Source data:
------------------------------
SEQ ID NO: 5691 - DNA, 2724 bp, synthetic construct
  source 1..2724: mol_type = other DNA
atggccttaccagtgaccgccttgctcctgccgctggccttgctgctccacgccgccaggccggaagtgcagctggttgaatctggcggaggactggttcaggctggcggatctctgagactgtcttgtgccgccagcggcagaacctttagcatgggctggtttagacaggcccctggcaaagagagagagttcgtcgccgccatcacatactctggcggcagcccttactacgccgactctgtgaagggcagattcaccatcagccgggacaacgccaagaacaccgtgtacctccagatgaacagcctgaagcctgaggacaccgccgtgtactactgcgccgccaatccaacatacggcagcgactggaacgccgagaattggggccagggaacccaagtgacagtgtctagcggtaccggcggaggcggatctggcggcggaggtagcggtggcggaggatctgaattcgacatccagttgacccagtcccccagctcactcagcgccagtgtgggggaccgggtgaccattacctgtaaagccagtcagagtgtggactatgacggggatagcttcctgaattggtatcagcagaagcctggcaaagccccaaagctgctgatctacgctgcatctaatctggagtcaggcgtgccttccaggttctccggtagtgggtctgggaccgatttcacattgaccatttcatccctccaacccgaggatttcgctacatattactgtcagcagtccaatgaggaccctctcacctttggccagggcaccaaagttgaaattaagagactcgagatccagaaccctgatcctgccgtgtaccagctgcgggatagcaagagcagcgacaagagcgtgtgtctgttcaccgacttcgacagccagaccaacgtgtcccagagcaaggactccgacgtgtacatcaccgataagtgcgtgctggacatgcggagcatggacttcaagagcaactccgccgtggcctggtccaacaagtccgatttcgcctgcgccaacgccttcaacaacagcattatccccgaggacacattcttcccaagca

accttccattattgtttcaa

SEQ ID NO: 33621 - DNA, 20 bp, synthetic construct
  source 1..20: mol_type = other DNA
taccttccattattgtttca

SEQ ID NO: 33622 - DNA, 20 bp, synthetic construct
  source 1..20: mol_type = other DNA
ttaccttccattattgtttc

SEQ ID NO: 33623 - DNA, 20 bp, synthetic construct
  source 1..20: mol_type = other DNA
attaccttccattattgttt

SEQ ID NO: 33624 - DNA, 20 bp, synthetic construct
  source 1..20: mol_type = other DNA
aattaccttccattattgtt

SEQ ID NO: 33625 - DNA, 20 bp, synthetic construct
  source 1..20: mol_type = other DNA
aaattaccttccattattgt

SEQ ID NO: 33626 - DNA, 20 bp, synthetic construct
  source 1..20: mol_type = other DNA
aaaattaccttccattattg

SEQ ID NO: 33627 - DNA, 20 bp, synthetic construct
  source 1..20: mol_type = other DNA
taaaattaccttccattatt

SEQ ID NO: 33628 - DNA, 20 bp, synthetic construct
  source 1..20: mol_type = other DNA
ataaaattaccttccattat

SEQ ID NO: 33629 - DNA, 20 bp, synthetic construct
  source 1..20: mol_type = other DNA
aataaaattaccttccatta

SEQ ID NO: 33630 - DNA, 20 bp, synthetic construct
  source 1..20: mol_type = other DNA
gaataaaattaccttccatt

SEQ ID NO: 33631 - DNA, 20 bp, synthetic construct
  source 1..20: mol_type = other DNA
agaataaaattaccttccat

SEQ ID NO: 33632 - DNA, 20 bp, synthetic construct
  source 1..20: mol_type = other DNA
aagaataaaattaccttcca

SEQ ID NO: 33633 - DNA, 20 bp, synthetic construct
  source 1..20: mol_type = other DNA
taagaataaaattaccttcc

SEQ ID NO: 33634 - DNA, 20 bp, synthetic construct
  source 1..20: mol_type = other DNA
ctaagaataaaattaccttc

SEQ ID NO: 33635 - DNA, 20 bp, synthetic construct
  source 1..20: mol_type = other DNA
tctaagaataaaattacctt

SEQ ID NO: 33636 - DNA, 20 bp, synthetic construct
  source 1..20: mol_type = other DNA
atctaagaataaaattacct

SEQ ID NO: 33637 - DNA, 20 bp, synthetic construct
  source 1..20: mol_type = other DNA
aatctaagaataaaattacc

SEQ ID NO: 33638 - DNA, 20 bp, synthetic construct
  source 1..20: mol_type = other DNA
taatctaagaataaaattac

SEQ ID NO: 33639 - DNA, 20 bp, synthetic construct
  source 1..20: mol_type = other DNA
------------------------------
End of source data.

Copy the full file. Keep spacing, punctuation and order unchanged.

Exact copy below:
SEQ ID NO: 5691 - DNA, 2724 bp, synthetic construct
  source 1..2724: mol_type = other DNA
atggccttaccagtgaccgccttgctcctgccgctggccttgctgctccacgccgccaggccggaagtgcagctggttgaatctggcggaggactggttcaggctggcggatctctgagactgtcttgtgccgccagcggcagaacctttagcatgggctggtttagacaggcccctggcaaagagagagagttcgtcgccgccatcacatactctggcggcagcccttactacgccgactctgtgaagggcagattcaccatcagccgggacaacgccaagaacaccgtgtacctccagatgaacagcctgaagcctgaggacaccgccgtgtactactgcgccgccaatccaacatacggcagcgactggaacgccgagaattggggccagggaacccaagtgacagtgtctagcggtaccggcggaggcggatctggcggcggaggtagcggtggcggaggatctgaattcgacatccagttgacccagtcccccagctcactcagcgccagtgtgggggaccgggtgaccattacctgtaaagccagtcagagtgtggactatgacggggatagcttcctgaattggtatcagcagaagcctggcaaagccccaaagctgctgatctacgctgcatctaatctggagtcaggcgtgccttccaggttctccggtagtgggtctgggaccgatttcacattgaccatttcatccctccaacccgaggatttcgctacatattactgtcagcagtccaatgaggaccctctcacctttggccagggcaccaaagttgaaattaagagactcgagatccagaaccctgatcctgccgtgtaccagctgcgggatagcaagagcagcgacaagagcgtgtgtctgttcaccgacttcgacagccagaccaacgtgtcccagagcaaggactccgacgtgtacatcaccgataagtgcgtgctggacatgcggagcatggacttcaagagcaactccgccgtggcctggtccaacaagtccgatttcgcctgcgccaacgccttcaacaacagcattatccccgaggacacattcttcccaagca

accttccattattgtttcaa

SEQ ID NO: 33621 - DNA, 20 bp, synthetic construct
  source 1..20: mol_type = other DNA
taccttccattattgtttca

SEQ ID NO: 33622 - DNA, 20 bp, synthetic construct
  source 1..20: mol_type = other DNA
ttaccttccattattgtttc

SEQ ID NO: 33623 - DNA, 20 bp, synthetic construct
  source 1..20: mol_type = other DNA
attaccttccattattgttt

SEQ ID NO: 33624 - DNA, 20 bp, synthetic construct
  source 1..20: mol_type = other DNA
aattaccttccattattgtt

SEQ ID NO: 33625 - DNA, 20 bp, synthetic construct
  source 1..20: mol_type = other DNA
aaattaccttccattattgt

SEQ ID NO: 33626 - DNA, 20 bp, synthetic construct
  source 1..20: mol_type = other DNA
aaaattaccttccattattg

SEQ ID NO: 33627 - DNA, 20 bp, synthetic construct
  source 1..20: mol_type = other DNA
taaaattaccttccattatt

SEQ ID NO: 33628 - DNA, 20 bp, synthetic construct
  source 1..20: mol_type = other DNA
ataaaattaccttccattat

SEQ ID NO: 33629 - DNA, 20 bp, synthetic construct
  source 1..20: mol_type = other DNA
aataaaattaccttccatta

SEQ ID NO: 33630 - DNA, 20 bp, synthetic construct
  source 1..20: mol_type = other DNA
gaataaaattaccttccatt

SEQ ID NO: 33631 - DNA, 20 bp, synthetic construct
  source 1..20: mol_type = other DNA
agaataaaattaccttccat

SEQ ID NO: 33632 - DNA, 20 bp, synthetic construct
  source 1..20: mol_type = other DNA
aagaataaaattaccttcca

SEQ ID NO: 33633 - DNA, 20 bp, synthetic construct
  source 1..20: mol_type = other DNA
taagaataaaattaccttcc

SEQ ID NO: 33634 - DNA, 20 bp, synthetic construct
  source 1..20: mol_type = other DNA
ctaagaataaaattaccttc

SEQ ID NO: 33635 - DNA, 20 bp, synthetic construct
  source 1..20: mol_type = other DNA
tctaagaataaaattacctt

SEQ ID NO: 33636 - DNA, 20 bp, synthetic construct
  source 1..20: mol_type = other DNA
atctaagaataaaattacct

SEQ ID NO: 33637 - DNA, 20 bp, synthetic construct
  source 1..20: mol_type = other DNA
aatctaagaataaaattacc

SEQ ID NO: 33638 - DNA, 20 bp, synthetic construct
  source 1..20: mol_type = other DNA
taatctaagaataaaattac

SEQ ID NO: 33639 - DNA, 20 bp, synthetic construct
  source 1..20: mol_type = other DNA